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The session was organised by Aqdar, and it focused on Students eAwareness and School's eSafety.
The moderator Dr Ibrahim Aldabal (Director, Aqdar) talked about the Khalifa Empowerment Program for Students, a project that was formed in 2011 under the auspices of Sheikh Saif bin Zayed Al Nahyan (United Arab Emirates Deputy Prime Minister and Minister of Interior).
Aldabal explained that the Khalifa Empowerment Program for Students is a partnership between the United Arab Emirates government, Safer Internet UK, and the UN. He elaborated that the programme’s mission was to promote online safety in schools, to counter the risks of today's digital world such as extremism, terrorism, cyber-attacks, cyber-bullying, cyber-blackmail amongst other vices. Further, he said that the programme will revolutionise online safety in schools in the United Arab Emirates, as well as protect and support students online.
Aldabal indicated that the Students eAwareness and School's eSafety programme focused on four main categories, namely: Personal skills, Health and Safety, Crime Prevention, and National Awareness. He also pointed out that the first copy of the programme’s National Curriculum had been launched, and handed over to Al Nahyan.
Aldabal went on to explore the linkages between the Students eAwareness and School's eSafety programme and the Global SDGs. In regards to Goal 3 of the SDGs, he outlined that the project will immensely ensure healthy lives and promote well-being for everyone. As far as Goal 4 is concerned, Aldabal stated that the programme would contribute to an inclusive and equitable quality education, and hence promote lifelong learning opportunities for all, including parents, teachers, students, and the community at large.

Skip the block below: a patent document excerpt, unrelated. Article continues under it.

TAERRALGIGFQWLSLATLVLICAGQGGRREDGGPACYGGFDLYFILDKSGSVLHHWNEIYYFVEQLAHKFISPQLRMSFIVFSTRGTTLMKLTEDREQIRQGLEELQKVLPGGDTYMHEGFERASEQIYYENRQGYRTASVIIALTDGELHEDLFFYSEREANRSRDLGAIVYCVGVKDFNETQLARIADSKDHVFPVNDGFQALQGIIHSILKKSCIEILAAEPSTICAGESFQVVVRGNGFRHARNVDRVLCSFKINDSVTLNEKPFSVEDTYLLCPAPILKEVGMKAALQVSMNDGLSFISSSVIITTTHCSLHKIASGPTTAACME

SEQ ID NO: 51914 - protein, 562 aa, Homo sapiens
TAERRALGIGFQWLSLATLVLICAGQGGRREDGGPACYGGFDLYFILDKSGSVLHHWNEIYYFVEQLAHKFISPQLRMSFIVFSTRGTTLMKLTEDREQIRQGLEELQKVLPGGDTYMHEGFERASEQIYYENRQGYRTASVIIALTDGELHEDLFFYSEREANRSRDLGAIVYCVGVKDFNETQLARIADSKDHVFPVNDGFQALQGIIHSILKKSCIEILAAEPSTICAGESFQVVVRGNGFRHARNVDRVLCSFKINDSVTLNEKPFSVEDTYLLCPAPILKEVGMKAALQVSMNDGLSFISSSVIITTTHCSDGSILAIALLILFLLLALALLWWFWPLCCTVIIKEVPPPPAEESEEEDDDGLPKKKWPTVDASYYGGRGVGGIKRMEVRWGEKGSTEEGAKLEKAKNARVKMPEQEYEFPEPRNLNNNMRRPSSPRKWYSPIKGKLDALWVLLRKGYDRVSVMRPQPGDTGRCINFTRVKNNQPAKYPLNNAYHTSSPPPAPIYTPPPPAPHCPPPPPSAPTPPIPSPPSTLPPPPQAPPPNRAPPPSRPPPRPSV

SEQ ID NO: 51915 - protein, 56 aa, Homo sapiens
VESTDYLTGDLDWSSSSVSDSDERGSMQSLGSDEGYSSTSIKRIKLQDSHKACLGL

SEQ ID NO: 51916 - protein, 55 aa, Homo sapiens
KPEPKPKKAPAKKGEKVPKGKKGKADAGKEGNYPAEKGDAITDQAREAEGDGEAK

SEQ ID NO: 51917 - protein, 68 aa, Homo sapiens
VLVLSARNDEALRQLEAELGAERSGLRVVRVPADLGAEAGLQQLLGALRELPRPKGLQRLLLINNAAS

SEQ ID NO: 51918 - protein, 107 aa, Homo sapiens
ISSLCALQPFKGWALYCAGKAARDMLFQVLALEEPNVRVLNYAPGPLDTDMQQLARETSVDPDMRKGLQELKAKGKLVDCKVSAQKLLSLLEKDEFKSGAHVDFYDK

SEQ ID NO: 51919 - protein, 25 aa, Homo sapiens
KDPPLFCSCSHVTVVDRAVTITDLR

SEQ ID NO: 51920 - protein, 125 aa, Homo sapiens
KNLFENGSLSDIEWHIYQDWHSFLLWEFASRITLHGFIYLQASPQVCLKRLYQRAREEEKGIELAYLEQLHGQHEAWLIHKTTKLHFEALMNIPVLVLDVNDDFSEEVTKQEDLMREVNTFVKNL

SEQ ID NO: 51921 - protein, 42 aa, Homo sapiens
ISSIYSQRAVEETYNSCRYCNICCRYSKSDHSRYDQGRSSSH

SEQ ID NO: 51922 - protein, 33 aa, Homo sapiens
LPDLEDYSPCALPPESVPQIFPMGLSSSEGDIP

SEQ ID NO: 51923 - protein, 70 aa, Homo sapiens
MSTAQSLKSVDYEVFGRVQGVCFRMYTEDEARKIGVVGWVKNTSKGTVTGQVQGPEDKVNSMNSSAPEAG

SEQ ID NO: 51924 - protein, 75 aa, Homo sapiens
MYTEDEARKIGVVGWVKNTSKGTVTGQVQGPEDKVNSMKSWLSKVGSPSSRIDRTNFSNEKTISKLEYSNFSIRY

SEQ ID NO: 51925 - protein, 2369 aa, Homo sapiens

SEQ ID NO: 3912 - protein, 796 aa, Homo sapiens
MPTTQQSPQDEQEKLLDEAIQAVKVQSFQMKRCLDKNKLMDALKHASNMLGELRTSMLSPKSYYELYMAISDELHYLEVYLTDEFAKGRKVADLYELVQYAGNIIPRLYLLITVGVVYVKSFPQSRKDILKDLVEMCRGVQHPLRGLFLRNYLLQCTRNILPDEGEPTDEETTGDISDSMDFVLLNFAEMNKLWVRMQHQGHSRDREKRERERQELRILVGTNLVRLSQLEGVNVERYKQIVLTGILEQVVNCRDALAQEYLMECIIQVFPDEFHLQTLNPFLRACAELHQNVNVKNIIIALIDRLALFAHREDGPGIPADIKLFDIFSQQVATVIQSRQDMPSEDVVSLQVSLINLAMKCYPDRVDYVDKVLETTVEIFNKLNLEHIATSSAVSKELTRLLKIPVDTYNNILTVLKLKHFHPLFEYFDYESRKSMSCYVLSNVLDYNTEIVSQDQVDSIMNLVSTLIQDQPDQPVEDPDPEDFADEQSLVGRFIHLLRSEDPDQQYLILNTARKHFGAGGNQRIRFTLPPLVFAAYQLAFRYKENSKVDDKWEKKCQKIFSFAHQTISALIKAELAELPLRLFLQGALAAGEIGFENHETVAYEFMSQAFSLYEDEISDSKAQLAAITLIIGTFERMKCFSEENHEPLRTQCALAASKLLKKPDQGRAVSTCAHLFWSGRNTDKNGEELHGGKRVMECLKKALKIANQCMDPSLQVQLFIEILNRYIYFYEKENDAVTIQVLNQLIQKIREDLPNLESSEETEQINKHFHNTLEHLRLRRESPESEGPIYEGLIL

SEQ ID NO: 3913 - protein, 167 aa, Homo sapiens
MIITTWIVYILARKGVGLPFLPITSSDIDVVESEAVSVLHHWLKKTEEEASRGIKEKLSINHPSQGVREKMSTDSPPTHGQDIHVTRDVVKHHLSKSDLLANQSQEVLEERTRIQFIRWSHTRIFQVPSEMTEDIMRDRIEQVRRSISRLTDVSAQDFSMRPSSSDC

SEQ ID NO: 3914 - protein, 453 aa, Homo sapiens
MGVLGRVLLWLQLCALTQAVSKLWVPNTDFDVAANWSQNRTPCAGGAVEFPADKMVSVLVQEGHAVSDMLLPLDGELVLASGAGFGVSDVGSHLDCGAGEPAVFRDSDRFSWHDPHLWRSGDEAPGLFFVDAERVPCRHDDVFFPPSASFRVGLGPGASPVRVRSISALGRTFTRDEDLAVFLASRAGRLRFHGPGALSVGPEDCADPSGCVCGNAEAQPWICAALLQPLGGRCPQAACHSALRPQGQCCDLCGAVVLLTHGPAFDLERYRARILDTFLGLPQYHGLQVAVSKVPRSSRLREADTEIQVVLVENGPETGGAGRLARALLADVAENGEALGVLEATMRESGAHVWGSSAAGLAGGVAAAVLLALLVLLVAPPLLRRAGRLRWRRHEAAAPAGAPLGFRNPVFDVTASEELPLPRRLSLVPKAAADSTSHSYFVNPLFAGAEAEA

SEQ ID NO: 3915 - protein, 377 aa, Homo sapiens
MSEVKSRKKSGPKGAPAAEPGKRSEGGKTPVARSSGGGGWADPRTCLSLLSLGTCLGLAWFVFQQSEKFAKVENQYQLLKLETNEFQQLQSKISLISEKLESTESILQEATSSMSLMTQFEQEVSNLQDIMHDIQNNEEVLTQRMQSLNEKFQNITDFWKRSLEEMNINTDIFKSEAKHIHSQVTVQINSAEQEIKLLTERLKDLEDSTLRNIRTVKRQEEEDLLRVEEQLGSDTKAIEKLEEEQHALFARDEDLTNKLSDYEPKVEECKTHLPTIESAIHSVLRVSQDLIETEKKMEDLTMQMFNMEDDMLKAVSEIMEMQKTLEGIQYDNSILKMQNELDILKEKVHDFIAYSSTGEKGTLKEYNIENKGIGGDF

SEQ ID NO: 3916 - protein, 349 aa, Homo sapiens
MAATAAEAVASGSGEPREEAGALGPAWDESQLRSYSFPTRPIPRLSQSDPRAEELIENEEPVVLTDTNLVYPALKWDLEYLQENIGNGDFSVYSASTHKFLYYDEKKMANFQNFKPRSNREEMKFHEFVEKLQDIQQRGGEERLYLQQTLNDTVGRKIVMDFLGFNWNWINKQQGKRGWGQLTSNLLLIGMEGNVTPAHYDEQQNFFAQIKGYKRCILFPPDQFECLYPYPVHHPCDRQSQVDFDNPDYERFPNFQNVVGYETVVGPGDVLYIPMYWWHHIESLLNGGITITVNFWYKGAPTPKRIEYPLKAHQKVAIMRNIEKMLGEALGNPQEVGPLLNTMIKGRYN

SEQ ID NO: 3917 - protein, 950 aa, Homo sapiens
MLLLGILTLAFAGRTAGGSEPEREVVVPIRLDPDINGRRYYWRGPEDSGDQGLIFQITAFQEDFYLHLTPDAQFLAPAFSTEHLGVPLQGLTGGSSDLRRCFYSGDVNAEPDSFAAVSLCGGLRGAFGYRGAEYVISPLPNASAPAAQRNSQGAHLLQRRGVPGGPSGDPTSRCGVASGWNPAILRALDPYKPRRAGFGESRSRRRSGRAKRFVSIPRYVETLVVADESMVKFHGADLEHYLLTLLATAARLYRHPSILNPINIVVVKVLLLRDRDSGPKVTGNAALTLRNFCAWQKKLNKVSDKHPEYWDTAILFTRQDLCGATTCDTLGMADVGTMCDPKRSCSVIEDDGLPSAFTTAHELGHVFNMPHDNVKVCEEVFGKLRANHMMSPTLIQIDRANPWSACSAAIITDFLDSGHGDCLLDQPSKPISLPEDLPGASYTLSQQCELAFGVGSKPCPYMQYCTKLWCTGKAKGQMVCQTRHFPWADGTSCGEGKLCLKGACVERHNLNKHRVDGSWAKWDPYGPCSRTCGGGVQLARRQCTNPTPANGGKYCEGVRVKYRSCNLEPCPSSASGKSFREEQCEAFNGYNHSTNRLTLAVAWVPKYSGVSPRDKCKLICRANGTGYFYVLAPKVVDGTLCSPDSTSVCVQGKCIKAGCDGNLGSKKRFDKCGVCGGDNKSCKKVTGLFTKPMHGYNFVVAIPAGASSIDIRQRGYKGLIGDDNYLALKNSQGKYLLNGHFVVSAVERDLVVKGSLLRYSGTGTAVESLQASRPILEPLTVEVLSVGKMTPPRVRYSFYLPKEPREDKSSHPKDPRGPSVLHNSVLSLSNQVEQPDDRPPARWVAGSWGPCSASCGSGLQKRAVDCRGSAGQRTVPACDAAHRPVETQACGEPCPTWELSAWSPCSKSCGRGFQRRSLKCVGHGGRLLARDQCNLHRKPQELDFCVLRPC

In his concluding remarks, Aldabal added that the Khalifa Empowerment Program for Students would nurture a generation of students, capable of achieving and building a resilient infrastructure, promoting sustainable industrialisation and fostering innovation, making cities inclusive, safe, resilient and sustainable, and last but not least, promoting just, peaceful and inclusive societies, all in line with SDGs 5, 9, 11, and 16 respectively. Aldabal summed up his session with a Kirkpatrick model presentation, a standard perceived as ideal for evaluating the effectiveness of trainings across four levels; reaction, learning, behavior, and results.
Asked by a participant how the Students eAwareness and School's eSafety programme could be customised and utilised in other countries, Aldabal explained that the United Arab Emirates model could be adopted by other interested countries and tailored to their own specific needs as they deemed fit.
by Bonface Witaba